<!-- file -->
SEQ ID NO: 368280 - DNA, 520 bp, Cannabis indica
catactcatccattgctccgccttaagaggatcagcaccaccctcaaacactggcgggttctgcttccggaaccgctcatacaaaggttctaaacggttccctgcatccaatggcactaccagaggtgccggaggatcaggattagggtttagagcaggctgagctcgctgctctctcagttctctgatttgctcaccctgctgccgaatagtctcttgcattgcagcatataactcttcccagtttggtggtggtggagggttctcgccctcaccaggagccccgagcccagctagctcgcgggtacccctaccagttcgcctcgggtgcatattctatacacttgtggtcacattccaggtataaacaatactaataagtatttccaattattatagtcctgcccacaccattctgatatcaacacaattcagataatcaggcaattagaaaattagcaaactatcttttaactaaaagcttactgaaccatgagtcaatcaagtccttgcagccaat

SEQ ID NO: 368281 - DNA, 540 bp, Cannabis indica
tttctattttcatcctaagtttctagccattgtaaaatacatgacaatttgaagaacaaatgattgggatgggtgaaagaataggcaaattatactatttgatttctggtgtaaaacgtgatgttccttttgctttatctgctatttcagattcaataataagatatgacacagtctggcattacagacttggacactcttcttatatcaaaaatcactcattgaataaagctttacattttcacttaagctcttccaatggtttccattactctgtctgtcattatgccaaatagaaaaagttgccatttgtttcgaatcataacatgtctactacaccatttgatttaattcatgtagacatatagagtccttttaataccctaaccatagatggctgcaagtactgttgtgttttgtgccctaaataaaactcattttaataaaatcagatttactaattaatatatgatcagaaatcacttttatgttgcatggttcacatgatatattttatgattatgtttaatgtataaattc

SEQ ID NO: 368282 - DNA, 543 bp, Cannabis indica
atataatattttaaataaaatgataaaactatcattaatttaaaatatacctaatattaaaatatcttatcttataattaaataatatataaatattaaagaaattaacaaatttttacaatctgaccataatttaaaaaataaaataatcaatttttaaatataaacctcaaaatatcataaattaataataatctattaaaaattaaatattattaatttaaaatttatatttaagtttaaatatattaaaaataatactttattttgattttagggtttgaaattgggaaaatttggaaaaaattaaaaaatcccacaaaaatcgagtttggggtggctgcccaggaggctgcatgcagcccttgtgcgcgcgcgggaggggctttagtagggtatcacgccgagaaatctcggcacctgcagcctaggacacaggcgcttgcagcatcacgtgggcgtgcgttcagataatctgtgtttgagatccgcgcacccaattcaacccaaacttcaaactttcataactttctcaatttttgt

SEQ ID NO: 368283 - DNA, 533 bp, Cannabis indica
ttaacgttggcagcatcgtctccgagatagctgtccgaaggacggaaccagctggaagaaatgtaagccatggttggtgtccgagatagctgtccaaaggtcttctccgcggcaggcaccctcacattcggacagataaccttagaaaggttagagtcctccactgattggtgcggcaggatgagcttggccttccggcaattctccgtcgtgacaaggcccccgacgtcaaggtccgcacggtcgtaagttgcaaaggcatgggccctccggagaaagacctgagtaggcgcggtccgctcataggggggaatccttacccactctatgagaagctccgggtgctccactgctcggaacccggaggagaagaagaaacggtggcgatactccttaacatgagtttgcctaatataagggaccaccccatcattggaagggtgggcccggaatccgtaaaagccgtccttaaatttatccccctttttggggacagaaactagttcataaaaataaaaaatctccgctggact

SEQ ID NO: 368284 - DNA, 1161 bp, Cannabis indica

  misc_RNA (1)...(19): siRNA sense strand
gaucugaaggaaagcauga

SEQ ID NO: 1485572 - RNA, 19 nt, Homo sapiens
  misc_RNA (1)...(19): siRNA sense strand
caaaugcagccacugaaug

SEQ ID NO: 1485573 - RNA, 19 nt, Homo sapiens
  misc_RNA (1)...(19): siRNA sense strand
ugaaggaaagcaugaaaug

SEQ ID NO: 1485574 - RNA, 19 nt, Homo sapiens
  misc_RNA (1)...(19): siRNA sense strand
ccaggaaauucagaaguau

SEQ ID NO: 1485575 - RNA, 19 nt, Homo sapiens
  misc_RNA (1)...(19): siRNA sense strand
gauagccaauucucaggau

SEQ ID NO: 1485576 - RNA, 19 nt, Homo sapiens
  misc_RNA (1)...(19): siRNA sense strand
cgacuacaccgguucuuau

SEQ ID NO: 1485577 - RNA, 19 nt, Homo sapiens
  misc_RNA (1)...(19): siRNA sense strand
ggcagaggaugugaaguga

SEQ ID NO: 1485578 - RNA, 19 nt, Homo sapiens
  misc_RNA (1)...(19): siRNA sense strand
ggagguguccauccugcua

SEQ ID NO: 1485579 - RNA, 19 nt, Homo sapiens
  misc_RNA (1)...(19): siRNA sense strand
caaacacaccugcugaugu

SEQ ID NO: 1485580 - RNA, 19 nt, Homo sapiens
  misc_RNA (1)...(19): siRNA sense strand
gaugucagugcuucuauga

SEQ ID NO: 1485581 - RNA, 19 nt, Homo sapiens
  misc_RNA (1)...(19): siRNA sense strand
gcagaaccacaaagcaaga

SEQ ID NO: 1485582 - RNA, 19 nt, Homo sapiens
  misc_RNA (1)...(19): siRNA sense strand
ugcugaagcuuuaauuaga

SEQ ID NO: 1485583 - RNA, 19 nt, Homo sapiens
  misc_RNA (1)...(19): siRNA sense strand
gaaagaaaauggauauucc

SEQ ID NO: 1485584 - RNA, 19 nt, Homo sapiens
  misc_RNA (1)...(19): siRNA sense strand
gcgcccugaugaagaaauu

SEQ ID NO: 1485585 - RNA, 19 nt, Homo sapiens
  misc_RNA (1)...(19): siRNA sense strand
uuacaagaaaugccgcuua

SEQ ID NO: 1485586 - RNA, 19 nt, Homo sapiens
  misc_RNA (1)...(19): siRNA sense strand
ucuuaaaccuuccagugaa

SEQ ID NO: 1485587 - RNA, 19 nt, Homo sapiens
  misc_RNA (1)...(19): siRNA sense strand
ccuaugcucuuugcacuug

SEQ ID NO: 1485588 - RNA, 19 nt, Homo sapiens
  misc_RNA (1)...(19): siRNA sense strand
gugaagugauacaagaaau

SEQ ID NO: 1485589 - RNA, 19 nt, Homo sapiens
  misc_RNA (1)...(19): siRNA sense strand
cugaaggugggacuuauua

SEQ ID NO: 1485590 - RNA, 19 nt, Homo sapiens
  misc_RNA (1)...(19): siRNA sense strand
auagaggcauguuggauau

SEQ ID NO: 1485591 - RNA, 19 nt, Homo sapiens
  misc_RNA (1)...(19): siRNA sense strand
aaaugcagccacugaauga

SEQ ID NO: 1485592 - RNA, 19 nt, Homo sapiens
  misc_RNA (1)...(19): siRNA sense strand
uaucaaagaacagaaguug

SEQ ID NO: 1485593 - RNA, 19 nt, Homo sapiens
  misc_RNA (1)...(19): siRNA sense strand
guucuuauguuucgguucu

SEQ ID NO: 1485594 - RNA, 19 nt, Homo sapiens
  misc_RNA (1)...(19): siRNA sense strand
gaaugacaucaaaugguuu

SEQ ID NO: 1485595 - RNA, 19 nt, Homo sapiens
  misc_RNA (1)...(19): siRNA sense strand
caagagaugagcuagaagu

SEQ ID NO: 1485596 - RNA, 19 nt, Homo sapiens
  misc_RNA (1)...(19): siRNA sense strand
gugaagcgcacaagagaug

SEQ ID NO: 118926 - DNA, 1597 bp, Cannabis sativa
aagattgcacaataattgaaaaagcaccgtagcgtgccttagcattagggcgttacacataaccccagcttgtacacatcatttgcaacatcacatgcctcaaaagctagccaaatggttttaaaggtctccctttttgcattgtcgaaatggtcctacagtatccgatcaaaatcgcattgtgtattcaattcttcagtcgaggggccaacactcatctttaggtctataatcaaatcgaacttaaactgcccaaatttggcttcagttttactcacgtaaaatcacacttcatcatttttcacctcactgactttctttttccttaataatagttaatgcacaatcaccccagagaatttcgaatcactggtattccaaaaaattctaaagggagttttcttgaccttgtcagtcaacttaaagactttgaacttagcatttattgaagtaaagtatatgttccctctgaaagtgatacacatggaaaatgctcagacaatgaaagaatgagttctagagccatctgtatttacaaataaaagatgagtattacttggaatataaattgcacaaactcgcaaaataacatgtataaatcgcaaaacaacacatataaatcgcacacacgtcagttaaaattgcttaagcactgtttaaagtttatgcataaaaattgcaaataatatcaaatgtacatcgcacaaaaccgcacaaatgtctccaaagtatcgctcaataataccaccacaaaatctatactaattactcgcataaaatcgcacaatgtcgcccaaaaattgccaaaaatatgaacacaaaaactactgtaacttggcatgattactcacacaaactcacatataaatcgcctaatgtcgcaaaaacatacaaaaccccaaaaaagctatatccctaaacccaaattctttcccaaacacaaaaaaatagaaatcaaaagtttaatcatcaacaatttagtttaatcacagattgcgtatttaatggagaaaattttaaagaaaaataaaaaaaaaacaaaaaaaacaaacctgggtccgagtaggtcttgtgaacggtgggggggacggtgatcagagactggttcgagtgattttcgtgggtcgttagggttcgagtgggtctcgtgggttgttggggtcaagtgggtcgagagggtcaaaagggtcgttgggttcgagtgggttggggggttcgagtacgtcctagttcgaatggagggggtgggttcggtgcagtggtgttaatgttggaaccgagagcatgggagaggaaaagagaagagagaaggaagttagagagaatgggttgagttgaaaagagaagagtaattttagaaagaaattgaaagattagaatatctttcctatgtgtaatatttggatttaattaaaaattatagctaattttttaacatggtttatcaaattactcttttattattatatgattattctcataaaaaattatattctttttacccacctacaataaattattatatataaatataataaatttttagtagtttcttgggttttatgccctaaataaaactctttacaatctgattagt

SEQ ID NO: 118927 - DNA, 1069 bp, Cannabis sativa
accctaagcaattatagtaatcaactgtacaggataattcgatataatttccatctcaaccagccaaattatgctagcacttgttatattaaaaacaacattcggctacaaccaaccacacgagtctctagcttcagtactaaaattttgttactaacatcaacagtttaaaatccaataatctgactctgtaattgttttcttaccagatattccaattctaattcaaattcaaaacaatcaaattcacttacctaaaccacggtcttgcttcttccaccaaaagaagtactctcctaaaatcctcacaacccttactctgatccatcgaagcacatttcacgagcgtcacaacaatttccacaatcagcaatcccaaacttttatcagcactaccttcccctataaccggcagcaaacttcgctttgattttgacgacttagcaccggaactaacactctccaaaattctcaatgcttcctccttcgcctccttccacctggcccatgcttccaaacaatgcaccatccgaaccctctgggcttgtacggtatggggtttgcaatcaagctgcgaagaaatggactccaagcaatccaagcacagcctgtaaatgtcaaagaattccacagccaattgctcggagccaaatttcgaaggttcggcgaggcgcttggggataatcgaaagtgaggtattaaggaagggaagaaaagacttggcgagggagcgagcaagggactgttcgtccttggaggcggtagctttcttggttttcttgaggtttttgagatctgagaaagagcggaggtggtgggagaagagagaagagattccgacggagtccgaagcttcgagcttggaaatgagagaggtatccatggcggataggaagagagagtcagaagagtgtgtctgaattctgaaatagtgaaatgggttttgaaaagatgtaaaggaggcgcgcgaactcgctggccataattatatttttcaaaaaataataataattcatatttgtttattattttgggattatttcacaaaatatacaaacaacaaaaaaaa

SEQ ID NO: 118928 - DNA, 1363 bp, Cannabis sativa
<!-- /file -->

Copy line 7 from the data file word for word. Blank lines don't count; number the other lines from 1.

SEQ ID NO: 368283 - DNA, 533 bp, Cannabis indica